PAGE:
Watchdog says Police Scotland ‘ignoring concerns’ over tactics

Andrew Flanagan, Chair of the Scottish Police Authority has recommended numerous changes to the force's governing procedures. Picture: Andrew Cowan/Scottish Parliament
Andrew Flanagan, Chair of the Scottish Police Authority has recommended numerous changes to the force's governing procedures. Picture: Andrew Cowan/Scottish Parliament
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POLICE Scotland has repeatedly failed to listen to local concerns over issues such as stop-search and armed officers, according to a new report.

A review of policing by the Scottish Police Authority (SPA) said there was a perception the wishes of local communities had been regularly “overridden” to create a uniform national approach to tackling crime.

Published yesterday, the review was undertaken at the request of the Scottish Government following a number of high-profile controversies affecting the national force since its creation in 2013.

Andrew Flanagan, chair of the SPA, said there was an “overriding perception” on issues such as stop-search, armed officers and the closure of police offices that local communities are “not being listened to”.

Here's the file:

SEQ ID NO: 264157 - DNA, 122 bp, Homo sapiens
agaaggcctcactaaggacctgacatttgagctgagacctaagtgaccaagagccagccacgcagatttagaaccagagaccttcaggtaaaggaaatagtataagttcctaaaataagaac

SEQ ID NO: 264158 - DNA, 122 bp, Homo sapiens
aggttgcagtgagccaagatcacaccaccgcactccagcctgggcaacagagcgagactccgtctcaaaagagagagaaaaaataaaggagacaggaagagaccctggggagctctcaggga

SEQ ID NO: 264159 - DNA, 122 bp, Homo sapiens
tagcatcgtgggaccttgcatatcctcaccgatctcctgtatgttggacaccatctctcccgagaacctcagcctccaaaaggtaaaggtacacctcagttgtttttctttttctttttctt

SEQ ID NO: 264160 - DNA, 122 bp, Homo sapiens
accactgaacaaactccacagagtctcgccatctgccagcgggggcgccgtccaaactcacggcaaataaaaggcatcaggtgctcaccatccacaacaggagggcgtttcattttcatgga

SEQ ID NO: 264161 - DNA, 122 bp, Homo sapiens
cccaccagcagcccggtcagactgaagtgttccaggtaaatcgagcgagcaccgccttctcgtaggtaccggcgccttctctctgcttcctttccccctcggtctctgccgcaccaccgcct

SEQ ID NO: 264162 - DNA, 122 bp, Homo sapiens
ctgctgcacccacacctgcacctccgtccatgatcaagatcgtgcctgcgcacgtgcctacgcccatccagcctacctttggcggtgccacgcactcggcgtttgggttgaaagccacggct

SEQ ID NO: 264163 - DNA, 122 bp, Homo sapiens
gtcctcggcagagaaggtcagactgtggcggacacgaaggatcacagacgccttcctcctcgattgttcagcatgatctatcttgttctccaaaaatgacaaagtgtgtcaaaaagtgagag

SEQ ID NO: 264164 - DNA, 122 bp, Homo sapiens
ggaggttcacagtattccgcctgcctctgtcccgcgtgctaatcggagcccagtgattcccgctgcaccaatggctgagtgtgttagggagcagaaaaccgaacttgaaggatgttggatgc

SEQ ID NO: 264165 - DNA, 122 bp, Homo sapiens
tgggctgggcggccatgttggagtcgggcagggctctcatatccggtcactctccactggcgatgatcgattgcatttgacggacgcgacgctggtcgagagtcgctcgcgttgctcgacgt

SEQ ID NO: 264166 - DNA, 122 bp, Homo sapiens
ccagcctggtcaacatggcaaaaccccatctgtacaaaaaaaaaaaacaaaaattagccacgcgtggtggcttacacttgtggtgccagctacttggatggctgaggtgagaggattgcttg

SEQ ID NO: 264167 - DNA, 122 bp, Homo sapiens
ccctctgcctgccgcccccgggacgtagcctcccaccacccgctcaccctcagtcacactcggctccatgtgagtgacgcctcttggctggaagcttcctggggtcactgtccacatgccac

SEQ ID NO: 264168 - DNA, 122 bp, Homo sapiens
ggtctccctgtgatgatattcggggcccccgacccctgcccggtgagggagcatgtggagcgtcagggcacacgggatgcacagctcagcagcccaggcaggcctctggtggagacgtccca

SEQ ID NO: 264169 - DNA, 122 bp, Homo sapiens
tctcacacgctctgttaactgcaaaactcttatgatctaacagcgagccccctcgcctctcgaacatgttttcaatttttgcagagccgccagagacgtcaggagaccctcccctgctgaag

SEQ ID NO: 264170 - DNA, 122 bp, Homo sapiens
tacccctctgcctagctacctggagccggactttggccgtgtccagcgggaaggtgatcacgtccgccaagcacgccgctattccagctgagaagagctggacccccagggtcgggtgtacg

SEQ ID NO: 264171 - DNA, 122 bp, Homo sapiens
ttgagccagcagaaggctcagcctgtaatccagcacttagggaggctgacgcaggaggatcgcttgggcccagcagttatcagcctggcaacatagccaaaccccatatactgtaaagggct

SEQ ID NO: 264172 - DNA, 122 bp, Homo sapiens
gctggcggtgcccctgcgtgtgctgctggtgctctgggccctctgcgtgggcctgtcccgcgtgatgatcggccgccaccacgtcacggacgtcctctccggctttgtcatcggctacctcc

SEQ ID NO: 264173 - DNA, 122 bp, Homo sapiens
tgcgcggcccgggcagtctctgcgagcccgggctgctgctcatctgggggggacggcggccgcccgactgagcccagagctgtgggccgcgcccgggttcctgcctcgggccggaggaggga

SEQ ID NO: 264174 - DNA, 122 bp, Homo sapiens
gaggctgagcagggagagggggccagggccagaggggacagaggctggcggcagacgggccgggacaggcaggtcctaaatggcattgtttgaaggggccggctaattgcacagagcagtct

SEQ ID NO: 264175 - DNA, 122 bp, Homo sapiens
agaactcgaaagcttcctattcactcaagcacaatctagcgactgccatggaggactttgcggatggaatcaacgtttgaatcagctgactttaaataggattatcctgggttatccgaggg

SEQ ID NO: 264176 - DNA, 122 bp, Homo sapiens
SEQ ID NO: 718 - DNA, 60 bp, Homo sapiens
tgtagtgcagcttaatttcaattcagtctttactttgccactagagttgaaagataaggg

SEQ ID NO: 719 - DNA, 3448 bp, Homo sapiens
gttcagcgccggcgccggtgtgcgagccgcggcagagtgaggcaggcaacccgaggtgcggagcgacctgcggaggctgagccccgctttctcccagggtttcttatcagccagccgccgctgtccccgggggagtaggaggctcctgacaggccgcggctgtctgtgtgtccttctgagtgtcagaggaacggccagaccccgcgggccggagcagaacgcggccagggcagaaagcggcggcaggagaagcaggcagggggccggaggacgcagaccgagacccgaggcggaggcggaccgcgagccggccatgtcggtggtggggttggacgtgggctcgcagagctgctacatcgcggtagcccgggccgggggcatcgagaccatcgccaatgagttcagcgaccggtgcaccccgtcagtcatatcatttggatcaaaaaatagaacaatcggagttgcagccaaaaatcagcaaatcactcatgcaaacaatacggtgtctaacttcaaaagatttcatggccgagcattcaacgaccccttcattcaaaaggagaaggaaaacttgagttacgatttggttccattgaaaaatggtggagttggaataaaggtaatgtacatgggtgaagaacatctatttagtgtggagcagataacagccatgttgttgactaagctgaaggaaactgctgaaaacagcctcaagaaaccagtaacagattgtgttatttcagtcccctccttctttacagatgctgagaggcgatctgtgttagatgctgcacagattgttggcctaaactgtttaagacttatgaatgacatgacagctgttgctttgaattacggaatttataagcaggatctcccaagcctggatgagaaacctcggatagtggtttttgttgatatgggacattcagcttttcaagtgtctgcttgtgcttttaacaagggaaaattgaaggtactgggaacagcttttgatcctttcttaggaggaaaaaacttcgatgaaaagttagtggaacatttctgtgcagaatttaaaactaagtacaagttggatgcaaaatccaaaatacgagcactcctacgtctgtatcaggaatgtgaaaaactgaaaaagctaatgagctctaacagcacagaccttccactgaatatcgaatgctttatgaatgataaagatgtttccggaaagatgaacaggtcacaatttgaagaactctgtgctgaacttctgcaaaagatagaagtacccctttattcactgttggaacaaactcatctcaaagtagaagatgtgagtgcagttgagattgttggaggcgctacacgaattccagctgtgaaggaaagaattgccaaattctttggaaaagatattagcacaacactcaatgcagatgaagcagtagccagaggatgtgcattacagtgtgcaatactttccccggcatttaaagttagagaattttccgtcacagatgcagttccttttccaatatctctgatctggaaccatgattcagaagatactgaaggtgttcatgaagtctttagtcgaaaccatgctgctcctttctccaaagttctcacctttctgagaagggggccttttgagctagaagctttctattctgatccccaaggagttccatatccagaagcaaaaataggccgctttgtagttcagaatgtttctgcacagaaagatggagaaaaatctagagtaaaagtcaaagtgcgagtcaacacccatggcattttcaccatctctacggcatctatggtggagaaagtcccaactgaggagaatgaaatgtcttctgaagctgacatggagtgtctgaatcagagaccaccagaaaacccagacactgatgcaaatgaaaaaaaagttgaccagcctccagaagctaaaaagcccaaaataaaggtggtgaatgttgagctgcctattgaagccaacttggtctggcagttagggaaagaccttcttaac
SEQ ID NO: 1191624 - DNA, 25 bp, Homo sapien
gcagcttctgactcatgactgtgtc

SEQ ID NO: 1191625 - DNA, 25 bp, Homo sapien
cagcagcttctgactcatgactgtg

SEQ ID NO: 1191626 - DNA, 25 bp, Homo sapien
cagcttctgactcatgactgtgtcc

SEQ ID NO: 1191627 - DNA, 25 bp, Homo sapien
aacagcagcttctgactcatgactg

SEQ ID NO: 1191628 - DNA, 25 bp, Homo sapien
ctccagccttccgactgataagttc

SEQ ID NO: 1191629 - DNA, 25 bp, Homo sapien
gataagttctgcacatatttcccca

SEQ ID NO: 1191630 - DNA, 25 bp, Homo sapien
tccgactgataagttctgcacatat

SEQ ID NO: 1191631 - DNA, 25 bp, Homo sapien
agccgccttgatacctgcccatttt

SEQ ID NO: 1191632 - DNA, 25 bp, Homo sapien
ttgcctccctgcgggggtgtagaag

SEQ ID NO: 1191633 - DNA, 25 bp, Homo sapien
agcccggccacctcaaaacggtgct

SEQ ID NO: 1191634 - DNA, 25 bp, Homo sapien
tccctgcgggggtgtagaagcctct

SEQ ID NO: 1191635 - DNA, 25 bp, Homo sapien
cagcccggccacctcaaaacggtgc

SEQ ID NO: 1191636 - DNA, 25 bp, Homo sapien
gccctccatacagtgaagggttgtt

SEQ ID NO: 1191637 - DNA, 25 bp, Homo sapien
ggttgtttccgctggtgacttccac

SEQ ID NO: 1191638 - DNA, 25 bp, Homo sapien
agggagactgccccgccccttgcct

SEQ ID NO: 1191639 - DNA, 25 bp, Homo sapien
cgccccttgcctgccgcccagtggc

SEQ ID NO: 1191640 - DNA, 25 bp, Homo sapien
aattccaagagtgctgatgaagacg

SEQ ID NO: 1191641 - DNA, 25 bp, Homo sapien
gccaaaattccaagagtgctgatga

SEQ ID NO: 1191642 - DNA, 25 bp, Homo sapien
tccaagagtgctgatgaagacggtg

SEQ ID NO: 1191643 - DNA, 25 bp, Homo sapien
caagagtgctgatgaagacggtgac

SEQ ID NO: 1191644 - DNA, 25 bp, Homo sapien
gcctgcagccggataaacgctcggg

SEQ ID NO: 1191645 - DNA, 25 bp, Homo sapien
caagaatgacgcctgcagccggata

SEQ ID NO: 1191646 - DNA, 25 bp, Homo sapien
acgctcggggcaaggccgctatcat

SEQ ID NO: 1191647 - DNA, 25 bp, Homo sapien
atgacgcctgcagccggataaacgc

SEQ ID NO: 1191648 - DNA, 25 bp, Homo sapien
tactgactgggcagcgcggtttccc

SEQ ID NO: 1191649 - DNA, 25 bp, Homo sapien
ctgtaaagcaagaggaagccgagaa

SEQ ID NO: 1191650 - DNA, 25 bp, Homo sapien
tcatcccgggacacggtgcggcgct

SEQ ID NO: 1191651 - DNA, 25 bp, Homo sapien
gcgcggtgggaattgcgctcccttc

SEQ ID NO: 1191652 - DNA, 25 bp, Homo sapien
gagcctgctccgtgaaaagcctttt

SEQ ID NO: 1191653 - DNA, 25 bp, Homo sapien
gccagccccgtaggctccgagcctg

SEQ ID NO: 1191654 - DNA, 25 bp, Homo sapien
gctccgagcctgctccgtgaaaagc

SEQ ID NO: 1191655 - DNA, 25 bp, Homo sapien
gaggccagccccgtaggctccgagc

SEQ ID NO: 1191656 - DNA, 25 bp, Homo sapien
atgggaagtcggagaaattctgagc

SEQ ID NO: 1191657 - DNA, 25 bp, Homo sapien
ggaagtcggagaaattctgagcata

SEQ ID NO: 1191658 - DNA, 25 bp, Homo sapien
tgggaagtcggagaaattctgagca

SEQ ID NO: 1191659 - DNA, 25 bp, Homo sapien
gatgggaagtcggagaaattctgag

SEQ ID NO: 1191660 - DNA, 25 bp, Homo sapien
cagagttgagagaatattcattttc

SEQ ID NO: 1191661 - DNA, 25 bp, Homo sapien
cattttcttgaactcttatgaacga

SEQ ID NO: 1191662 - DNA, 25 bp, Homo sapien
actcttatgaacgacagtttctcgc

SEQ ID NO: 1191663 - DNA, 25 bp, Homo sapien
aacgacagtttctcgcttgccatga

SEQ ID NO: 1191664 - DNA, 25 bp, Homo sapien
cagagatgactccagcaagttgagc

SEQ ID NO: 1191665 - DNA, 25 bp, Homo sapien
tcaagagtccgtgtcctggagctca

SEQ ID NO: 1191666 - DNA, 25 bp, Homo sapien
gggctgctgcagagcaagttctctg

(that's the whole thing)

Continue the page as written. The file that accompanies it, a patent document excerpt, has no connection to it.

He also said local police commanders did not have enough autonomy to make local decisions, and recommended greater consideration be given to the policing needs of local communities.

He said: “While an aspiration of equality of service is commendable, any policy or practice must ensure that it is capable of being adapted in its implementation to make it more appropriate for local needs. In this regard, where possible, local commanders should be given more autonomy on how policies and practices are implemented while also achieving the overall policing aim.”

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Mr Flanagan’s report said a number of local authorities were unclear about how Police Scotland had taken their views into account when making decisions.

The report made a total of 30 recommendations and called for a clearer definition of the SPA’s responsibilities.

The watchdog has repeatedly been accused of playing “catch-up” on major issues such as armed policing and stop-search.

But Mr Flanagan said the current structure of a police authority at arms-length from government was a “good one”.

However, he said Police Scotland must accept a “greater degree of scrutiny” and said the SPA needed to be allowed to be a “proactive” rather than “reactive”.

Commenting on the publication of the review, Chief Superintendent Andrew Morris said: “Police Scotland welcomes the publication of the SPA’s review of governance in policing and is committed to working with the SPA to enhance the effectiveness and local accountability of policing across Scotland.”

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